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National Monument

The Royal Palace

©Américo Simas

The partially-ruined Royal Palace is located in the middle of the monument.

This royal residence consisted of a series of buildings from various periods, constructed around courtyards and connected by stairs and balconies.

To the north, the palace was connected to the medieval castle and you can still see the beginnings of an arch on the Palace Tower. This would have been connected to the southwest corner of the castle, where there was also a  residential area.

The first reports we have of this palace date from the 13th century. In 1264 and 1277 the Palace was referred to as the Palace of Senhor Afonso, illustrious king of Portugal and the Algarves. It is therefore believed that King Afonso III was the impetus behind its construction, or at the very least significant redevelopment. It is unknown what the palace architecture would have looked like at this time. The first depiction of the palace, as well as a more detailed description, dates from the 16th century (1512-1520), and reveals a dynamic building, with many later modifications undertaken by monarchs such as Ferdinand I, John I, Afonso V and Manuel I, who changed and added to the initial layout.

The palace included the main hall, the royal chambers, St Michael’s chapel, a kitchen with escançaria (where wine was distributed) and storerooms (where furniture and silverware were kept).

The main hall, with an area of around 480m², was a rather large room compared to other royal palaces around Iberia and Europe.

After King Manuel I’s decision in 1505 to move the royal residence to the lower part of the city, and the final abandonment at the end of the 16th century, this building was gradually occupied by the military and adapted for other purposes.

It is precisely in what remains of this group of buildings that the Museum Centre was created. Here there is a collection of pieces from the archaeological excavations of the Praça Nova and from other constructions belonging to the monument, which at some point in history were part of citadel.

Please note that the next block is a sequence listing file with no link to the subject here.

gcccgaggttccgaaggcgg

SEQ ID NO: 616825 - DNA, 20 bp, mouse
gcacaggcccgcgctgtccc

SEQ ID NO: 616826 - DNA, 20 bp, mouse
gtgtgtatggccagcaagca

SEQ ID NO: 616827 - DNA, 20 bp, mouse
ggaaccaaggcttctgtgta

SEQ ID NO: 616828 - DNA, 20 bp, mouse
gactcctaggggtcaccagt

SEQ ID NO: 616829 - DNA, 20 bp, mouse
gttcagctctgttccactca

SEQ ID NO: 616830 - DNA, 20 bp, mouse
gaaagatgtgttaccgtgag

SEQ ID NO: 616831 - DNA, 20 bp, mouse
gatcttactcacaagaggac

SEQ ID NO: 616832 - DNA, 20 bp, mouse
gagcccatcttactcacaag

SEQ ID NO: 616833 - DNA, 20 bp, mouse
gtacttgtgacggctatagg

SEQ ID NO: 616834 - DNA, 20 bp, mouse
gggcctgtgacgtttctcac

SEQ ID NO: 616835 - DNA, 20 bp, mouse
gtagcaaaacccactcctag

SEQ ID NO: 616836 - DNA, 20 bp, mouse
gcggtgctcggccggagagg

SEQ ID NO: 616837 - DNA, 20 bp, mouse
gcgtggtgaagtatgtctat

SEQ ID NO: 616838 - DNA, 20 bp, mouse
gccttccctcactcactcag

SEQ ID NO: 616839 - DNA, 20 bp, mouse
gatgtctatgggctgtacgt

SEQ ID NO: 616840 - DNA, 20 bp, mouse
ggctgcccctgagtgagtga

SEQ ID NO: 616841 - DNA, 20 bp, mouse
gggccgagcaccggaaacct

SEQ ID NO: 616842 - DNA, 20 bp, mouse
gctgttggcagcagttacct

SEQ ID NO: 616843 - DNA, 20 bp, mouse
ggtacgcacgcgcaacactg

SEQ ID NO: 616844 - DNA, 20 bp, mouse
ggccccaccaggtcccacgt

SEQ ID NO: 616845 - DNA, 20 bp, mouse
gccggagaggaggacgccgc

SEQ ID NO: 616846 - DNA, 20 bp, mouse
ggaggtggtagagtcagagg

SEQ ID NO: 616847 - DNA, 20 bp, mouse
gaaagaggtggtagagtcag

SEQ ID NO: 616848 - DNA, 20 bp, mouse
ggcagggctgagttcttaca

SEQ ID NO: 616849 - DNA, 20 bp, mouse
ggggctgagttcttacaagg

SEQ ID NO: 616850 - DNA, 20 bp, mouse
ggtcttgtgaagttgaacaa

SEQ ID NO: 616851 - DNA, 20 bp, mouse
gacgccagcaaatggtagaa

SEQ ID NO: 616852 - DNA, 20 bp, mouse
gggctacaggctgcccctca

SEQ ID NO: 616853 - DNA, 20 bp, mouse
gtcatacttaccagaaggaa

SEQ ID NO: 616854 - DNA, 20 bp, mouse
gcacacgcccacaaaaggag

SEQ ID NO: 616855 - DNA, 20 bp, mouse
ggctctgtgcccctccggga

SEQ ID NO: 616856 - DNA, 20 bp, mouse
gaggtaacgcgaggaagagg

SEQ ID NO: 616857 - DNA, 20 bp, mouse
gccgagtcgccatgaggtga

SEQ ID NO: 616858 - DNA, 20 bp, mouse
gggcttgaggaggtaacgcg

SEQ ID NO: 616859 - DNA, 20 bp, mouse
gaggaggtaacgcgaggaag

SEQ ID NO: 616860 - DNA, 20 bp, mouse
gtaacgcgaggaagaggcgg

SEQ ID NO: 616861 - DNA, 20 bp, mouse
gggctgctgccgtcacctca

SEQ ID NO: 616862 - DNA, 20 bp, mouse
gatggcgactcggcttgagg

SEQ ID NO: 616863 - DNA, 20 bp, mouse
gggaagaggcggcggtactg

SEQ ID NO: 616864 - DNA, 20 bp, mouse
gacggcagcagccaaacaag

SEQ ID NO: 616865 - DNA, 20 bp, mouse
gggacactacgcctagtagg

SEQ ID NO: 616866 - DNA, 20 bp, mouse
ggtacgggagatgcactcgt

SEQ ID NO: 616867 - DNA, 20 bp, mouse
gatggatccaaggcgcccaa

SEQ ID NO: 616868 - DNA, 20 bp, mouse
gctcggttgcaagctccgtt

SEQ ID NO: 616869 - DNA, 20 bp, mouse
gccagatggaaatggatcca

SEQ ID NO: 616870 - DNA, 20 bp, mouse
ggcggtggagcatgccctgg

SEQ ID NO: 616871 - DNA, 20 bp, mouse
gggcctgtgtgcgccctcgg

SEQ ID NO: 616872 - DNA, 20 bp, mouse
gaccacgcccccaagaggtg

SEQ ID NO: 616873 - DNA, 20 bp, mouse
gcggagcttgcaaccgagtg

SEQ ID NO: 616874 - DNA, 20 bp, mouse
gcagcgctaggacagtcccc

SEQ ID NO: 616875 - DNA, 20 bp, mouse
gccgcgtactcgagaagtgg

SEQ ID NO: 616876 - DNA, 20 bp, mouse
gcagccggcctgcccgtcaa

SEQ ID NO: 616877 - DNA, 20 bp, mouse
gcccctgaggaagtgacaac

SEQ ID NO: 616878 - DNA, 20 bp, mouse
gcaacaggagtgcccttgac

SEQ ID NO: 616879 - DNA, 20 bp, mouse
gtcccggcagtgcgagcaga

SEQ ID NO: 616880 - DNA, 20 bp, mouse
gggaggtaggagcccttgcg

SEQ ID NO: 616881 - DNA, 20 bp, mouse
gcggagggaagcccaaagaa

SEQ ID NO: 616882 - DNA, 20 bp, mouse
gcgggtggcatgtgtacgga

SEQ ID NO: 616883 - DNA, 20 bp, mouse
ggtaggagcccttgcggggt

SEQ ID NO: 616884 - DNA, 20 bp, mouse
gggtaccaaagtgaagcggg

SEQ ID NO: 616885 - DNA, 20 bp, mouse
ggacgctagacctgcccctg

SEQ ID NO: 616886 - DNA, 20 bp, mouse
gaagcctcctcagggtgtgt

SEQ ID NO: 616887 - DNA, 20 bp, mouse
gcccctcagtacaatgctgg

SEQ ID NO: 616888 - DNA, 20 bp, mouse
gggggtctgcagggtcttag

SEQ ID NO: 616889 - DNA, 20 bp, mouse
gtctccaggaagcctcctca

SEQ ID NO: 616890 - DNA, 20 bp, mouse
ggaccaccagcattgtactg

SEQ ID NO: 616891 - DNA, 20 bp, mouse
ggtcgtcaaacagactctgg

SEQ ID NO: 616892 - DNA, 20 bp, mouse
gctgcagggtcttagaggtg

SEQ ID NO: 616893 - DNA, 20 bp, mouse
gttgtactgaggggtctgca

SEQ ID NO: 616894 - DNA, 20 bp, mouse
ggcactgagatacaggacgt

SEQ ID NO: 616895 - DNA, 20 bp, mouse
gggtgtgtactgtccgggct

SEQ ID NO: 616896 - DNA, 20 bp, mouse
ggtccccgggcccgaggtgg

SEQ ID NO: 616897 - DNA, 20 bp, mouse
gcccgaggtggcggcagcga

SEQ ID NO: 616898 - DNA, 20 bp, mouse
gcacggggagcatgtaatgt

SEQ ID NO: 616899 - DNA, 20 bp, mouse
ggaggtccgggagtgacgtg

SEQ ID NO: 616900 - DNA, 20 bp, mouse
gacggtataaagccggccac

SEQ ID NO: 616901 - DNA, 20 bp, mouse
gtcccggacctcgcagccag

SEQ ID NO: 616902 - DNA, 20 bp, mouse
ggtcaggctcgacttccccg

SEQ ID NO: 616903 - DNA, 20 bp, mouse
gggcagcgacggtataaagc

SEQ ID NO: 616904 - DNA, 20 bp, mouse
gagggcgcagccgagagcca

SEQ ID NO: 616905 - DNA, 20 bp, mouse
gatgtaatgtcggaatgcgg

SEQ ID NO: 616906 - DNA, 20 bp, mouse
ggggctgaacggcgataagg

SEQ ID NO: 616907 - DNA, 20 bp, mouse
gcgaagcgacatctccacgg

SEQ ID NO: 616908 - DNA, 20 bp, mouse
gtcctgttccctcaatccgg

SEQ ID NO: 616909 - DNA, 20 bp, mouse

Ogival Room
Ogival Room [©]Americo.Simas

Access to the Ogival Room is through a monumental ogival doorway reconstructed in the last century and situated on the main façade of the building

Inside there is an arcade, arranged longitudinally, featuring pointed arches supported by octagonal pillars, which is intercepted at the back left by a lowered arch dating from a later period which altered the layout of this large room.

A second ogival doorway provides access to another room, known as the Room of Columns.

Room of Columns
Room of Columns ©Kenton Thatcher

Accessed by an ogival doorway topped by an armillary sphere, the Room of Columns is from the modern period and makes use of part of the old medieval Royal Palace building.

The four central quadrangular ashlar pillars are made of limestone and support an exceptional brick vault. Features of the construction suggest this area underwent significant modifications in the 17th or even 18th century.

Cistern Room
Cistern Room
©Kenton Thatcher

A portico located in the Room of Columns leads to a large room that was transformed into a cistern at a later date, possibly in the 18th century.

Features of the exterior walls, especially on the west side, indicate it was built of rebuilt in the late 15th or early 16th century, in particular the bevelled, embrasure windows and the basement made using large dimension stones. Inside, a huge fireplace built into the western wall and now covered by the Museum’s windows, attests to an increased level of comfort compared to ancient times.

The cistern consists of a large reservoir in a brick barrel vault, divided into seven sections, with circular openings which allowed the residents of the castle to supply themselves with water.

St Michael’s Chapel
St Michael’s Chapel
©Fernando Guerra

Documented since the 13th century, St Michael’s Chapel was instituted by King Denis I and was part of the Royal Palace. 

At the end of the 15th century, John II began building work and provided it with new equipment and furniture. In the mid-17th century, a chronicler described it as having an altarpiece dedicated to St. Michael the Archangel, tapestries, a choir with chairs, sacristy and cloister.

We do not, however, know much about its architecture. All that remains of the chancel are the foundations of the apse and the nave which give us an indication of its size. The main door opened onto the pátio das colunas (courtyard of columns) which was connected to part of the palace buildings.